Sandboxing with Landlock

Unprivileged self-sandboxing on Linux

Linux 5.13 is going to include the unprivileged sandboxing feature Landlock, which has been in the making for many years now.

Unprivileged means that you don’t need special system-level privileges like root or CAP_MAC_ADMIN to use it, as some other Linux sandboxing mechanisms do. Philosophically speaking, you should not need additional special privileges just to drop the privileges that you already have.

How it works

With Landlock, processes can restrict themselves to only use a specified set of file paths, and it lets them control which operations are available on these paths and their subdirectories (for example opening for reading, writing, and directory operations1).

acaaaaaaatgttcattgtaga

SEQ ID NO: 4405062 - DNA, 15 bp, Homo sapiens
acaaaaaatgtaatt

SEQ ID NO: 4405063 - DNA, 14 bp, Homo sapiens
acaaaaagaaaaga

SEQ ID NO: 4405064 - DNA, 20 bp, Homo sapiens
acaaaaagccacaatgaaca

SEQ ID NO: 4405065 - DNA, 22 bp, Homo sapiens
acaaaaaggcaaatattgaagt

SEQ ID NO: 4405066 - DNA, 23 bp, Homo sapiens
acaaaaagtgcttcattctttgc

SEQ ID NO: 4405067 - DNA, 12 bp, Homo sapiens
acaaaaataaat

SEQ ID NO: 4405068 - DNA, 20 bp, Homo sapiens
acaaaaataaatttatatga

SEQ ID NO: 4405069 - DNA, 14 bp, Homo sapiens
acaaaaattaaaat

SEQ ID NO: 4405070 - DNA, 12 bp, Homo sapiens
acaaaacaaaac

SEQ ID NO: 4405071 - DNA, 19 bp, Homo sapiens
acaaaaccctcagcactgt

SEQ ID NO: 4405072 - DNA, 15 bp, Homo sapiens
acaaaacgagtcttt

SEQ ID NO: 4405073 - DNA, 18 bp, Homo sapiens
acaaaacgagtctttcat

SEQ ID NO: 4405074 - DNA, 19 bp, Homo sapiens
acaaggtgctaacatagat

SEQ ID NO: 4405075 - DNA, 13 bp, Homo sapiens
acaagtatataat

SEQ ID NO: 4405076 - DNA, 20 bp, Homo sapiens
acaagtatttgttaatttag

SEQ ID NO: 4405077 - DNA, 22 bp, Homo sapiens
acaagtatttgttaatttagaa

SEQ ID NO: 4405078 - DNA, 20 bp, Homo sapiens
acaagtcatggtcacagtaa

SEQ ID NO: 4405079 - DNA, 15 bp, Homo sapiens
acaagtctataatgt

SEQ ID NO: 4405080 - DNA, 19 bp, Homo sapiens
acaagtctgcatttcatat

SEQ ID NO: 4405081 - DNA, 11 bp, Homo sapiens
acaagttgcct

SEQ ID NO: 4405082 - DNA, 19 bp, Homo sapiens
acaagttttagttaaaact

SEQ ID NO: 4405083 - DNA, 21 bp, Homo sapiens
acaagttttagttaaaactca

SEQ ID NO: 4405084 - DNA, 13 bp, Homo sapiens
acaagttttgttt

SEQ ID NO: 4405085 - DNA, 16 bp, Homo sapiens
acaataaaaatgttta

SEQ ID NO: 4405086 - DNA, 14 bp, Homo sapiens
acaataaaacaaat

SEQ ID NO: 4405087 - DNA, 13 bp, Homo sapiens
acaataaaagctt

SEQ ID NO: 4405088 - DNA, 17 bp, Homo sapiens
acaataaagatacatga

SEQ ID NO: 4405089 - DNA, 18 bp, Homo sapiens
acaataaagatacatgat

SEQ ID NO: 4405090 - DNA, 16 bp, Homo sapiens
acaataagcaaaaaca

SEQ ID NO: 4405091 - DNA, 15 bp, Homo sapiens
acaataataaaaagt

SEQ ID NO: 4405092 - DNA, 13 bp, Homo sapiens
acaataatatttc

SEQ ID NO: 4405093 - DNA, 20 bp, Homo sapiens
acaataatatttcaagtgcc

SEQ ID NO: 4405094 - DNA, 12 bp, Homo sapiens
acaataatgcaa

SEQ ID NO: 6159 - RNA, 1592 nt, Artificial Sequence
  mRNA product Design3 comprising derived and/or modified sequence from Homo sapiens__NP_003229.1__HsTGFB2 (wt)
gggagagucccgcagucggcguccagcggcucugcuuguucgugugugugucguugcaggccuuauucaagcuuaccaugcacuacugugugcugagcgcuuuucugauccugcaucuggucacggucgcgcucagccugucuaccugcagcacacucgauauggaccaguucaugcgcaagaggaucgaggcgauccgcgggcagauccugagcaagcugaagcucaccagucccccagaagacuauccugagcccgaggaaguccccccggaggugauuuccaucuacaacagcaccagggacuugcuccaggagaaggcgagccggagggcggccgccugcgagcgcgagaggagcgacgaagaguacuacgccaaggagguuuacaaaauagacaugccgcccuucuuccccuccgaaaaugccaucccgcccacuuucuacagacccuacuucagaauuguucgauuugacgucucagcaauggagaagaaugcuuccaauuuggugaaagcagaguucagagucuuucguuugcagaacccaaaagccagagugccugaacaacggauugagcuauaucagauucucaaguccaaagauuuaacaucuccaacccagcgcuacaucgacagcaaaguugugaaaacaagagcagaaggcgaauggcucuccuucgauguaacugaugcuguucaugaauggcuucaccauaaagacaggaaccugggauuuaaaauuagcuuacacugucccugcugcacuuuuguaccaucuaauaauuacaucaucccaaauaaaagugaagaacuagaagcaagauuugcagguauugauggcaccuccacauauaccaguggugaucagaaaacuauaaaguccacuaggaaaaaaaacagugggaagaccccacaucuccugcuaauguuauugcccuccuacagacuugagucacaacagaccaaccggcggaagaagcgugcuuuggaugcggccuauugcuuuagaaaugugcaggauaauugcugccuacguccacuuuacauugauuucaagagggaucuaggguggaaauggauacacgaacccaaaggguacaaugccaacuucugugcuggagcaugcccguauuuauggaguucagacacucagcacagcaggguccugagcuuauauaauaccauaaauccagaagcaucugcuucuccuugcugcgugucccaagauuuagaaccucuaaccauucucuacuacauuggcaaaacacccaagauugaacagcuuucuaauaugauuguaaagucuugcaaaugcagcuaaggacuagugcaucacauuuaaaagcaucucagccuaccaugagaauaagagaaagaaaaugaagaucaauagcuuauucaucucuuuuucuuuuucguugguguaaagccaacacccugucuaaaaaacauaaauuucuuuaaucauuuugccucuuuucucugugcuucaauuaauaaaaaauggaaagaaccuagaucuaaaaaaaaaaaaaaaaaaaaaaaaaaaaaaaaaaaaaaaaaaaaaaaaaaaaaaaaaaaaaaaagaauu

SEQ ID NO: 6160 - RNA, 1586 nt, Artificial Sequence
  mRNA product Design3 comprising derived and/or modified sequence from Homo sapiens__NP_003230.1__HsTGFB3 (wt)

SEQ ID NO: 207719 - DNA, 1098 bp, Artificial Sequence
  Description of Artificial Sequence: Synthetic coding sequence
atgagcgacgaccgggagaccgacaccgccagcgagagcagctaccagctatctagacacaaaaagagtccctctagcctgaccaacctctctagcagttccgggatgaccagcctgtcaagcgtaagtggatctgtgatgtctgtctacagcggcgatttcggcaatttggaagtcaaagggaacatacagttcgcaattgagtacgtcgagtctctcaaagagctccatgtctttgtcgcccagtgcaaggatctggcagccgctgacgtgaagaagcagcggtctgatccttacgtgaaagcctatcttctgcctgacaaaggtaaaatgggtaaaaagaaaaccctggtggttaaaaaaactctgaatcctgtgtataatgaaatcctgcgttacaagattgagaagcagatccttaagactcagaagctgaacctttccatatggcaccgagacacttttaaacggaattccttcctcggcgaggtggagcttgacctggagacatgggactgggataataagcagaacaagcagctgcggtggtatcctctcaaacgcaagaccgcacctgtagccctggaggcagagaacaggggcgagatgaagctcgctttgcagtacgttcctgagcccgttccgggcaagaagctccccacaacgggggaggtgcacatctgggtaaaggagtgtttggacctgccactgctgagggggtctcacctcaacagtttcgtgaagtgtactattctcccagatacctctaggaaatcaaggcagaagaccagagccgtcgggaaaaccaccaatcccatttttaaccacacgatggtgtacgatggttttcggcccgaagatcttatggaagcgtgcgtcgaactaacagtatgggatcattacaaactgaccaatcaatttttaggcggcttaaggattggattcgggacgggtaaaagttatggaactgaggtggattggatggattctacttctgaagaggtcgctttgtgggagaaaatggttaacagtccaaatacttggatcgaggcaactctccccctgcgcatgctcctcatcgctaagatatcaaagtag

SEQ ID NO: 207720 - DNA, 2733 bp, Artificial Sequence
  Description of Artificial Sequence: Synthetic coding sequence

A similar sandboxing feature has been around in OpenBSD for a while now with unveil(): This slide deck and talk by Bob Beck talks about the lessons learned and has examples on how to sandbox software with it, which should translate well to Landlock.


To make it easier to play with, I forked the Landlock example tool from the kernel sources and made it compile standalone: You can get it at, or you can just download a precompiled statically linked version.

  1. At the moment, there are still some gaps, like stat(), which can still be done even in landlocked processes. But it’s moving in the right direction, and at least accesses to the files' contents can already be restricted. ↩︎